(Thiga ni arua gutiri mararanja!).

Party Leader Dr. Julia Ojiambo has kept up with politics for years

Dr. Julia Ojiambo is another vibrant woman. She has adapted herself to Kenyan politics ceaselessly but politics has not adapted itself to her and other women. It is a hard field where powerful will come to a political party like the one she leads The Labour Party of Kenya and use it and then run over her. I talked about this with her when she teamed up with a faction of ODM. I felt she was reading the situation wrong and much as I had wanted to work with a woman leader like her I could not. Raila Odinga is an astitute an experienced politician and it was clear as daylight that The Kalonzo faction which Dr. Ojiambo worked for could not unseat him. Some people just do not have what it takes to win the peoples' imagination. They try everything, even religion but it fails miserably. Dr. Ojiambo was in the wrong club but at least she showed she could work across ethnic divides. No matter. If she shows political interest, this is one woman who deserves an appointment without further delay. She is smart and learned and giving one example that many people would shun her for. You will hear them tell her she is old. Let her say it for herself. Men have incredible staying power in our politics. She is one of the few who will not give up. We must respect her take. She has been for a while quite active on facebook in 2011. That is remarkable.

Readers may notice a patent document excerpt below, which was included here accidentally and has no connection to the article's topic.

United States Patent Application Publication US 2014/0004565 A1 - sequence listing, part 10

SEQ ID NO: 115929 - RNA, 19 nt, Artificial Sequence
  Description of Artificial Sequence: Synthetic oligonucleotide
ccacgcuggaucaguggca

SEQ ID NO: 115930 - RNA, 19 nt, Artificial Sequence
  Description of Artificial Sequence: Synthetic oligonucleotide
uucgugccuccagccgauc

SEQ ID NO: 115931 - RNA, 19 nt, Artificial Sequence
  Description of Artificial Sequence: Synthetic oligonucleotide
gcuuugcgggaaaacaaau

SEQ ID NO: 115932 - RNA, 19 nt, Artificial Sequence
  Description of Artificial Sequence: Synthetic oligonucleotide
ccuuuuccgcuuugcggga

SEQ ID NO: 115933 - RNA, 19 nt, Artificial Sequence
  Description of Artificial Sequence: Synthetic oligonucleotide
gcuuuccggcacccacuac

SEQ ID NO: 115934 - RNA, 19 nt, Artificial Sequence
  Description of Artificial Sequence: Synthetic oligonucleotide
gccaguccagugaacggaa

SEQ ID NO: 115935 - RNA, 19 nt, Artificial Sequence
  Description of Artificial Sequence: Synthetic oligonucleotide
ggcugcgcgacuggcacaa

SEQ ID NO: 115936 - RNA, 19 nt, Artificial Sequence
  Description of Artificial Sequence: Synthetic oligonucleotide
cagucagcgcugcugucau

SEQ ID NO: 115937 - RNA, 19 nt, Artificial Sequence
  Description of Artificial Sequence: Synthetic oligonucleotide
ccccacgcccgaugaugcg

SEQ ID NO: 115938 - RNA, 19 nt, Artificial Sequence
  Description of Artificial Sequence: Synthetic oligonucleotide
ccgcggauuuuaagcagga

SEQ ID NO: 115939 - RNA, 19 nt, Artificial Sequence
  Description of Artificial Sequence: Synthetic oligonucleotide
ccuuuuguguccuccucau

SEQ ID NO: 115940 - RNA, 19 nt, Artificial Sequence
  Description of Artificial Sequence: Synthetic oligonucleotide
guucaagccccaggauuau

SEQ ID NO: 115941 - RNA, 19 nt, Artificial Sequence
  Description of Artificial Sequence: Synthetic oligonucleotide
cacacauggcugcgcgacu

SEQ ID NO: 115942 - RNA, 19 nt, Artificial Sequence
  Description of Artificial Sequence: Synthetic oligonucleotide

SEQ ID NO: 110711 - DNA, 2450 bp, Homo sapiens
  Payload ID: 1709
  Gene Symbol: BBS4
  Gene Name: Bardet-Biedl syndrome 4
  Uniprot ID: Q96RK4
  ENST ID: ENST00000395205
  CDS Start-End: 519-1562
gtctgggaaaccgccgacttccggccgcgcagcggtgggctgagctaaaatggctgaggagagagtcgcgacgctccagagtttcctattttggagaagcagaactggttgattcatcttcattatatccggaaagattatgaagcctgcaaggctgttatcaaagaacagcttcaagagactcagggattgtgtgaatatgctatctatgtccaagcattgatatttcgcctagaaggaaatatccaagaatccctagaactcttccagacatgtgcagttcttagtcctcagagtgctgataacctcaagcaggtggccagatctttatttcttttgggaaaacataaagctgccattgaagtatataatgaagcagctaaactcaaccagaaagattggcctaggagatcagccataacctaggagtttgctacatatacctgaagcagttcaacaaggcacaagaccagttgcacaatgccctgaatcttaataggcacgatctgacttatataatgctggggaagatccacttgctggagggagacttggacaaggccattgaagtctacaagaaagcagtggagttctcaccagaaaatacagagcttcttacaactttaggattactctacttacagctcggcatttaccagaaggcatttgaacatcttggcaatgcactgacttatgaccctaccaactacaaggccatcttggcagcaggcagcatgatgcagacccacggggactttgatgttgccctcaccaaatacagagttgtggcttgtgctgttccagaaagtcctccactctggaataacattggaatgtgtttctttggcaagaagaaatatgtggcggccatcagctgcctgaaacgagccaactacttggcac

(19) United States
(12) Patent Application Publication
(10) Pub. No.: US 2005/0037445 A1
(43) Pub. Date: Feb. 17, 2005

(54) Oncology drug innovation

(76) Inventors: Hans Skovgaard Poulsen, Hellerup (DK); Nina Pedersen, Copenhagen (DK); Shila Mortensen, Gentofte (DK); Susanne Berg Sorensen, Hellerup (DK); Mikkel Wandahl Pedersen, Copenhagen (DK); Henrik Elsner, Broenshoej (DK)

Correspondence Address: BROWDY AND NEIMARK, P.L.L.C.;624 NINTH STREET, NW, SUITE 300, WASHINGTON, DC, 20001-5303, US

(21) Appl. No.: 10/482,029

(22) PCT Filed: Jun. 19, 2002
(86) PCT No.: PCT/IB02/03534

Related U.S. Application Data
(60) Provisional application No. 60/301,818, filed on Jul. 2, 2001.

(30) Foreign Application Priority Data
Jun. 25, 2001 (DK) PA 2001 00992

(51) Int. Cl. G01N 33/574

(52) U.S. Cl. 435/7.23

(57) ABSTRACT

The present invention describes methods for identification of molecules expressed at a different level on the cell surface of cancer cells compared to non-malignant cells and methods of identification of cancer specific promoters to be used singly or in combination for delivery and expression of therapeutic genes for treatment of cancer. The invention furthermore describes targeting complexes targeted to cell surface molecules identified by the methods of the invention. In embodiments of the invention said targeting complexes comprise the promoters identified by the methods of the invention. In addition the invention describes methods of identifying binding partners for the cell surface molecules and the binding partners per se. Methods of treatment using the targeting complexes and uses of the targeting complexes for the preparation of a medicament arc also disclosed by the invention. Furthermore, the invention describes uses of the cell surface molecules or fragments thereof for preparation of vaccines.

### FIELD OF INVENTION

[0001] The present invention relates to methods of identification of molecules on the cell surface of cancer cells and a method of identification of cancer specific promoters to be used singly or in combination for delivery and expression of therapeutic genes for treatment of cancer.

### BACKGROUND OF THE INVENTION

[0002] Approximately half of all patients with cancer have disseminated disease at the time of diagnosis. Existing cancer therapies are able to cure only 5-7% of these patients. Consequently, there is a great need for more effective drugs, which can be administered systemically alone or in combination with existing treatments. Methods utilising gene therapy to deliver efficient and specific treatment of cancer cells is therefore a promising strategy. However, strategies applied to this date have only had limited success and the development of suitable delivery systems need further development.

Well, these women have done their best. One hopes that their legacy will still mean a better Kenya. I do not mean all powerful women should be in political power. Not at all.